Since we last spoke, I am pleased to share that training has been going very well.
I maintained a decent schedule during the weeks-long winter break, and I feel like my body is finally working properly all around.
I am still slightly fearful of another setback, and of perhaps of having my running life incite chaos at home. But I’m getting there.
Last night we had our yearly “share your resolutions” dinner with the family. Generally I jot down a few things in the Notes section of my phone, give a half-assed speech when it’s my turn, and then promptly forget about my big ideas.
Possibly this is because I am a bit of a contrarian, and find it difficult to get on board with these yearly roundup sessions, or possibly I am fearful of failure.
When one gets to this stage of life, one begins to see patterns. Like the resolutionists flooding the gym for the first two weeks of January, only to disappear by March. Or perhaps one begins to notice one’s own flaws, and doesn’t want them to bring them out in the open for everyone to see by making some stupid commitment that likely won’t come to fruition.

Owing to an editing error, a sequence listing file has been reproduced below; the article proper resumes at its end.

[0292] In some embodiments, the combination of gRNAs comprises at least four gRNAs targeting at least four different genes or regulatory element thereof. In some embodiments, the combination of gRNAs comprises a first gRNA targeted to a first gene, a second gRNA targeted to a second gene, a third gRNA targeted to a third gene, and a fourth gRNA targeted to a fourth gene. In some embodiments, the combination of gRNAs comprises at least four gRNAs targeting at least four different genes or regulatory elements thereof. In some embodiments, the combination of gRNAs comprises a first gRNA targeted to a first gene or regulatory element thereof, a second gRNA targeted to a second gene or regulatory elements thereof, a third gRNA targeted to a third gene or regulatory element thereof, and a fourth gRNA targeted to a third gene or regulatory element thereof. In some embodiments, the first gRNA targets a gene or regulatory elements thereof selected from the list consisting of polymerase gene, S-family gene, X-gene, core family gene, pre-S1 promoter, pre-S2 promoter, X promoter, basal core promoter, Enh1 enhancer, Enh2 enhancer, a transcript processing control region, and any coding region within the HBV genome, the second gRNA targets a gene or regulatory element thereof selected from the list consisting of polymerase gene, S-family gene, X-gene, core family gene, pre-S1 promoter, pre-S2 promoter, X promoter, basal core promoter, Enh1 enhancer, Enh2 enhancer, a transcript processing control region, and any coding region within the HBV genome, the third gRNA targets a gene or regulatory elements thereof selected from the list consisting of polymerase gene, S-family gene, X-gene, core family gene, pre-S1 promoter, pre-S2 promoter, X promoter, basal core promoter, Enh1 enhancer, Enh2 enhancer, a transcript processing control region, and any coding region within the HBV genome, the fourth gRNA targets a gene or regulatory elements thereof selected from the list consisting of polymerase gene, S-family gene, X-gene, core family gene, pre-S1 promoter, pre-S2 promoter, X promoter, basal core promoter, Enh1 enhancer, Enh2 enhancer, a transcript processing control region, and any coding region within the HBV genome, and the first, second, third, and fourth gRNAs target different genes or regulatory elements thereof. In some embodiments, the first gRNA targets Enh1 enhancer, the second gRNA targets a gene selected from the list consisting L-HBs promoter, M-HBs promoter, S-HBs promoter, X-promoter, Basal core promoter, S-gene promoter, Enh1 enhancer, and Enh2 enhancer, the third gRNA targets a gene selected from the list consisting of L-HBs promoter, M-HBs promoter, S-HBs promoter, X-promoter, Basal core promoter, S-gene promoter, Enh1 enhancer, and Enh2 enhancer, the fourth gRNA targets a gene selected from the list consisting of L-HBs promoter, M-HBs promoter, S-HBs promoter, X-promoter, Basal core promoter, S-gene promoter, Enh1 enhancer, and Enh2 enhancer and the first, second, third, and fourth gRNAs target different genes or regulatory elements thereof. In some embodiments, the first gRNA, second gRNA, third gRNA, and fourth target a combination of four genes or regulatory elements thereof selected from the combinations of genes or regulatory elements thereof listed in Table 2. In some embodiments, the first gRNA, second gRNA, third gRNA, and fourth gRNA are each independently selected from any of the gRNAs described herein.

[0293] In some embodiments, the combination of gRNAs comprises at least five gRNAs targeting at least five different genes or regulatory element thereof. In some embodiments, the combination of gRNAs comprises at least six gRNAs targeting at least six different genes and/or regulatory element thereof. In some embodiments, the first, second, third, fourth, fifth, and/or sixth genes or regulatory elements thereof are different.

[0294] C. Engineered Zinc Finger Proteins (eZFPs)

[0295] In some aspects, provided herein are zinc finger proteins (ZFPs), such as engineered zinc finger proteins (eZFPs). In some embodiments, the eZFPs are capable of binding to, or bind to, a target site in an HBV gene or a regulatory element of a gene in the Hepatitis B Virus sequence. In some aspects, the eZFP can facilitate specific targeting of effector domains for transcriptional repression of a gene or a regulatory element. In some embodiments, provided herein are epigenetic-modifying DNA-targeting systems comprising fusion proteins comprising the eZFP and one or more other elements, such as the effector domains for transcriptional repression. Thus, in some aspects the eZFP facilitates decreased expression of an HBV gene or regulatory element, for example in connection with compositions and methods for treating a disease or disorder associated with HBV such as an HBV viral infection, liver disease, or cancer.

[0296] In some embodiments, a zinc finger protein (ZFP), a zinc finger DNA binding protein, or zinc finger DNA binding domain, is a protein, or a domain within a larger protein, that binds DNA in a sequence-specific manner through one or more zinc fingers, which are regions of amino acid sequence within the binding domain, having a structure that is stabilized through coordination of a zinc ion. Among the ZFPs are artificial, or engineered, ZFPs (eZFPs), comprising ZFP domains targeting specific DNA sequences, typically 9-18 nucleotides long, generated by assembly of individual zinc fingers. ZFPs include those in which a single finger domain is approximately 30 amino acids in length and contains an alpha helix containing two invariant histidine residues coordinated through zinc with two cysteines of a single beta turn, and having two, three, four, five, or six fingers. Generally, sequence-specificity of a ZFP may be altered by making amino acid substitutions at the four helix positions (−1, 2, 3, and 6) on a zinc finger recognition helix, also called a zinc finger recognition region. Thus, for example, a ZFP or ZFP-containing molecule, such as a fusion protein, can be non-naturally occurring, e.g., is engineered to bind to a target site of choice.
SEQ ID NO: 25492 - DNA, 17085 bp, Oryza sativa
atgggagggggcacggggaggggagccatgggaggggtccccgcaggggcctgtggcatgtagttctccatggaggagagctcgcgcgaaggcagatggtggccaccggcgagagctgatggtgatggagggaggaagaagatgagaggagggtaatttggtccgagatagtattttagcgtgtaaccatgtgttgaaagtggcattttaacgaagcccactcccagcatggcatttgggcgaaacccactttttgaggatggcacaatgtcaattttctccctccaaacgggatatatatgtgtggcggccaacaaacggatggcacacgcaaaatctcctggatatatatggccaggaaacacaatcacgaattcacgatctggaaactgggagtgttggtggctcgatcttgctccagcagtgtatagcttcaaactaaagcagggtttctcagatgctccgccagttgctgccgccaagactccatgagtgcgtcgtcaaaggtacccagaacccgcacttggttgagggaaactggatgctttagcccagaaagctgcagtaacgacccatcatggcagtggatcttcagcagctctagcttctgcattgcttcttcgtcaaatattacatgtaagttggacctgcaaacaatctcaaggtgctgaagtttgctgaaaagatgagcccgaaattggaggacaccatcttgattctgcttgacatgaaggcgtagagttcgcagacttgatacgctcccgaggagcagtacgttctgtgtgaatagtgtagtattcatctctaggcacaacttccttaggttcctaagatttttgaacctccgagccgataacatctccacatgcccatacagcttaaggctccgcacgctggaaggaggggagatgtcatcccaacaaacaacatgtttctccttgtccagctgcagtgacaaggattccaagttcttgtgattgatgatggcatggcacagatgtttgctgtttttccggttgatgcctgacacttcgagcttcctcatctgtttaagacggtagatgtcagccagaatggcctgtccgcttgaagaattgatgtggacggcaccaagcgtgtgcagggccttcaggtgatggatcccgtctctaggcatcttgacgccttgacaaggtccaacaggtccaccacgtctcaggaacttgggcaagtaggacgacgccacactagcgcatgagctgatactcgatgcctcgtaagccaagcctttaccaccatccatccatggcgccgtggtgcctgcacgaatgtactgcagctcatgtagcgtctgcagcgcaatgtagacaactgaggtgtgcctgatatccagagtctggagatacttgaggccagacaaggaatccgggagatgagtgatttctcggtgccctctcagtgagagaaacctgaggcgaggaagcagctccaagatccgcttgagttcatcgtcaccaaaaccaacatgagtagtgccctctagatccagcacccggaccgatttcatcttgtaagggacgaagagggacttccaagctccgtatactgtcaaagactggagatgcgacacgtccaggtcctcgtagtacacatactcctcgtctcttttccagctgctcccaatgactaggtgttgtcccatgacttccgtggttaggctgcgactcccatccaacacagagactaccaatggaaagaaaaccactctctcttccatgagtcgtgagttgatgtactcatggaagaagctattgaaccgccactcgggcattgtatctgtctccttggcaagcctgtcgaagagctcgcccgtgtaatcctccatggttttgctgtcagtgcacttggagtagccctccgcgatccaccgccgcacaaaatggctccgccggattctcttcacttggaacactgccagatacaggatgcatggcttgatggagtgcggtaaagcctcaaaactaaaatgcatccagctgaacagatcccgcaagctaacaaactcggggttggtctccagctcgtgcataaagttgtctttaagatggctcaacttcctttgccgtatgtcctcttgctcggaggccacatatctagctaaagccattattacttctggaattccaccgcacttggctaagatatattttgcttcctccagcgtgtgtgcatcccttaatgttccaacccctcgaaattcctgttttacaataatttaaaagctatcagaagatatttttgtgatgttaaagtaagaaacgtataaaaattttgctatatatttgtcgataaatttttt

At the root of all of this doubt, for me, is fear.
The other day I was flipping through my training journal, one of the Believe ones from Lauren Fleshman, which ironically I resisted the first few years they were available. I found a quote from Shalane Flanagan that struck a chord.
“Don’t let fear decide your future.”
This is it, I thought. What holds me back.
It’s not fear itself, but fear of failure, fear of disappointing people, or possibly myself.
I have felt overwhelmingly fearful of disappointing my family by being too selfish. By running races that take my attention away from them, or for training too hard to give them the attention they deserve.
Or even by diving head first into a career. I have feared feeling guilty for missing out on the meat of the child rearing, the kind you can’t get back once it’s over.
Among my goals for the year, I’ve made a small commitment to running. I want to PR in the 5K.
I know it sounds silly. Most people want to run marathons or ultras or finish an Iron Man. Those are the big goals.
But for me, I need a small one disguised as a big one. Running fast at shorter distances is just as challenging as running long.
So anyway, that’s where I’m going to start.